Dr. Kami Kandola warns other jurisdictions to prepare for the same
One of the first jurisdictions in Canada to administer COVID-19 vaccines is also the first to see their effectiveness wearing off.
While the majority of the Northwest Territories’s COVID-19 cases that have severe outcomes, like hospitalizations and ICU admissions, are still in the non-fully vaccinated population, more cases are showing up due to “waning immunity,” said Dr. Kami Kandola, the territory’s chief public health officer, speaking to CBC’s Heather Hiscox, host of Morning Live.
N.W.T. began vaccinating elders starting on Dec. 31, 2020. By March 6, the health minister reported that half of all adults had been vaccinated. The following week, vaccinations were opened to the general public in the capital, the last community to be offered the shots (because it’s the closest to health resources).
That early administration of vaccines has helped keep the number of its eligible population aged 12 years and up who are fully vaccinated to outpace the national average, at 89.3 per cent, according to CBC’s vaccination tracker, compared to 81.6 per cent Canada-wide.
As a whole, 75 per cent of the territory’s total population has been vaccinated, compared to 71.3 per cent in Canada as a whole.
Kandola said the territory, which is experiencing a delta-driven fourth wave, could be a beacon of what’s to come in other regions.
“When you look at Israel, when you look at the U.K. when you look at the U.S., you have to factor in, unfortunately, waning immunity six to eight months after people who received the second dose,” Kandola said. “Be prepared.”
Record number of cases
N.W.T. posted a record number of COVID-19 cases Tuesday evening, with 378 active cases. Kandola said they are “100 per cent driven” by the delta variant, a highly infectious strain of the virus. About 70 per cent of cases with severe outcomes are in those who are not fully vaccinated, she said.
Kandola had anticipated the waning immunity. In mid-September, she told CBC News the issue was already emerging.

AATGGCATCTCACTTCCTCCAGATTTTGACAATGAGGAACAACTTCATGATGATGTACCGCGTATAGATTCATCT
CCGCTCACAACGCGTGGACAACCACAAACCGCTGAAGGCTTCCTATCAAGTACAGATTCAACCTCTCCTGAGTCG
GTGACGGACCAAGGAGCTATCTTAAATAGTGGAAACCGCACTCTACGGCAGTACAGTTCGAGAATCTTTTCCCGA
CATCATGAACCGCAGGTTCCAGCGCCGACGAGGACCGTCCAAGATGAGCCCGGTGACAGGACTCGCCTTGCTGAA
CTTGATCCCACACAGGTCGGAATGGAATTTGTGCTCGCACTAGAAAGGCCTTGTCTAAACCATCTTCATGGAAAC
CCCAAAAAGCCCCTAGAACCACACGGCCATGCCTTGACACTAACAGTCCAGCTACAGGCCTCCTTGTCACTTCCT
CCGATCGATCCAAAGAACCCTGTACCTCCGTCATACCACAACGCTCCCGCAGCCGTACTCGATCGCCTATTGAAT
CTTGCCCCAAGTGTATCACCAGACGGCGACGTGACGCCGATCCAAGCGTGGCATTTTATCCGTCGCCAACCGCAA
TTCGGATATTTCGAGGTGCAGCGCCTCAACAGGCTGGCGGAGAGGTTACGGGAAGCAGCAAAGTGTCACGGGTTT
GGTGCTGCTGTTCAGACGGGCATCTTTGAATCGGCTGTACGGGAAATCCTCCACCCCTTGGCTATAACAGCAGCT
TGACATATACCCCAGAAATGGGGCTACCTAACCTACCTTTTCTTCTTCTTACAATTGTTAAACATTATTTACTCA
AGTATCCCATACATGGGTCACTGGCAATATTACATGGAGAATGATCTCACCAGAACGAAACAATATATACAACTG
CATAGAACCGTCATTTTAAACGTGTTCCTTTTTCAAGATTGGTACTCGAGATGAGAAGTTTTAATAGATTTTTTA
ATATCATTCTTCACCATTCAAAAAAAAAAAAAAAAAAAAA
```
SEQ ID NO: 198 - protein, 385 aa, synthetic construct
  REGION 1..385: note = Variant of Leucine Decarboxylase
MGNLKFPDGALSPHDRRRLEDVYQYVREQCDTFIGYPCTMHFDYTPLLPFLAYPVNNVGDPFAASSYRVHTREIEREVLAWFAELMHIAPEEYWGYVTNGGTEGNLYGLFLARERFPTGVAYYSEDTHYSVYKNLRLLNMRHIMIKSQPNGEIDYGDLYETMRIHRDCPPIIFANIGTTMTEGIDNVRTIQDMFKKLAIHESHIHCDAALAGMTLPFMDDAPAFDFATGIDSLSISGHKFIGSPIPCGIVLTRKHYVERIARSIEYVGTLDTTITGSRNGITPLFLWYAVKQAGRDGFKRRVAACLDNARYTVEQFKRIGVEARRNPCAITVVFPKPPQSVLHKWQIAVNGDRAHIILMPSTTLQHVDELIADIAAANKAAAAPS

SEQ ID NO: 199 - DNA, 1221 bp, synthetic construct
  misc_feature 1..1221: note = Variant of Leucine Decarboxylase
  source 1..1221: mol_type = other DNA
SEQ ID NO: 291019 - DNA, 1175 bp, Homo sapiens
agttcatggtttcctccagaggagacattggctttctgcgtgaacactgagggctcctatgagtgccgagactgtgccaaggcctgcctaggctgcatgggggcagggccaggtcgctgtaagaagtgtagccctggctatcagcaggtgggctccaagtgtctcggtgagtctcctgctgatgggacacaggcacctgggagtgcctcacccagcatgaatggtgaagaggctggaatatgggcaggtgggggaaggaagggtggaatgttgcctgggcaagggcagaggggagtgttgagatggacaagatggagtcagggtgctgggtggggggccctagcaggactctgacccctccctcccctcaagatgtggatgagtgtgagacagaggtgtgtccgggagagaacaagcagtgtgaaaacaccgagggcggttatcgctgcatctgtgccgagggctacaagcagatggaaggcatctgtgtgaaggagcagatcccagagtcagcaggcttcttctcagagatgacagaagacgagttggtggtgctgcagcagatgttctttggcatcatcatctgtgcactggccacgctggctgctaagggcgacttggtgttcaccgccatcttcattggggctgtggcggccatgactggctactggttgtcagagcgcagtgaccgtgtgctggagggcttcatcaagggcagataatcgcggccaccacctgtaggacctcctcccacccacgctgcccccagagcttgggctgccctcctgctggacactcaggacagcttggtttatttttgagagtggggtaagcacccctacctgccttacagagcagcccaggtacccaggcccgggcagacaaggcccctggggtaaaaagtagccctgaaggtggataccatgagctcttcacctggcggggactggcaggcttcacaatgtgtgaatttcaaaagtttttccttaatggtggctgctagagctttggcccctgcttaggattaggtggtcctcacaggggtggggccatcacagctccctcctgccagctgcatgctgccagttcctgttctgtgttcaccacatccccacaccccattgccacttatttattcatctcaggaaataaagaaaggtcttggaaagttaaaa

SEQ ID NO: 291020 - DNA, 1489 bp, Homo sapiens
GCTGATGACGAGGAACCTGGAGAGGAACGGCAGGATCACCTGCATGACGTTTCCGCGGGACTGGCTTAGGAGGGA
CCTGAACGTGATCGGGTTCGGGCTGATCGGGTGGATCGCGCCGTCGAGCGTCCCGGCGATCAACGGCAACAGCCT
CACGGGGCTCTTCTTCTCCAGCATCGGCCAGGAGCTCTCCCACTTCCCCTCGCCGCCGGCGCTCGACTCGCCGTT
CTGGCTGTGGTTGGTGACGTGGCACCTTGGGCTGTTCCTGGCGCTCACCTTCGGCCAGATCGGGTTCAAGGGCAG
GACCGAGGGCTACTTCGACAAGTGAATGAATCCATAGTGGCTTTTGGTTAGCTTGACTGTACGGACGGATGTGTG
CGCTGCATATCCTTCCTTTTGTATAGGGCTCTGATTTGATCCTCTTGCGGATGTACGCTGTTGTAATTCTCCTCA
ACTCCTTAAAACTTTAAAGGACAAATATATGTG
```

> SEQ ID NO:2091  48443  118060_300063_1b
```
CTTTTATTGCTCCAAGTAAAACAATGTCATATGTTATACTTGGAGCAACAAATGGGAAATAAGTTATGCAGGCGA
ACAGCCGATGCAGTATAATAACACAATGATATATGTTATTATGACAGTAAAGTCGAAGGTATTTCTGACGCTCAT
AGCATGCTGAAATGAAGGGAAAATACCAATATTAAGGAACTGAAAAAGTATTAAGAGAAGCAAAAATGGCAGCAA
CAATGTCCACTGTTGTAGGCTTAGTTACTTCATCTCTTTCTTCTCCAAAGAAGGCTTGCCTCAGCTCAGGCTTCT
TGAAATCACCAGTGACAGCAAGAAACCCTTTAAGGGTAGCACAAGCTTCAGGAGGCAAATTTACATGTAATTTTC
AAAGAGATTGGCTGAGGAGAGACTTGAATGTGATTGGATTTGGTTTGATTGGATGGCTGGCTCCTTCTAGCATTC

“Because we were privileged to get the vaccine first, we unfortunately are going to be the first one to experience the waning immunity, which we’re seeing in our own case numbers,” she said then.
Booster shots could help
Dr. Andrew Morris, an infectious diseases specialist at Toronto’s Sinai Health and University Health Network, said waning immunity could start to be an issue for Canada around late October.
Whether provinces anticipate this and offer people booster shots to try to head off the potential problem, remains a question, he said.
“If all the governments in Canada say they’re going to wait to boost until we sort of see the vaccines aren’t working any longer, it could kind of be a little bit too late,” he said.
The N.W.T. has already administered third doses to immunocompromised residents and given boosters to those in long-term care.
“When I’m looking at what’s happening, my main priority is to avoid severe outcome [cases],” Kandola said.
She said N.W.T. is now administering boosters in Yellowknife and Behchokǫ̀ — the hardest-hit communities right now — to those of 75 and older and giving boosters to its frontline staff.
Pressure on health system
Kandola said the territory still has not reached the peak of infection for Yellowknife and Behchokǫ̀, though health orders and gathering restrictions are in place in both communities, with schools closed to in-person learning for several weeks.
Kandola said the high rate of cases is “placing a significant pressure” on the territory’s medical system. In the last six weeks alone, there have been 36 hospitalizations, where prior to that, throughout the whole pandemic, there had only been four hospitalizations. There have also been six deaths in the last six weeks, and a total of 13 ICU admissions.
“This is a huge system demand. In addition, most of our critically ill patients that need further care are sent to Alberta and Alberta is also stretched,” she said.
The containment orders and gathering restrictions in places hasn’t fully stopped hospitalizations, Kandola said, but “we’re able to keep it under control.”
“If I were to lift the orders, it would overwhelm the health hospital system for sure.”
-Written by Amy Tucker, with files from News Network and Mark Gollom
Related stories from around the North:
Canada: Canada’s Northwest Territories reports record number of COVID-19 cases, CBC News
Greenland: Greenland lifts COVID-19 restrictions on direct travel to small communities, Eye on the Arctic
Iceland: Iceland to change COVID-19 border rules on October 1, Eye on the Arctic
United States: Rural Alaska at risk as COVID-19 surge swamps faraway hospitals, The Associated Press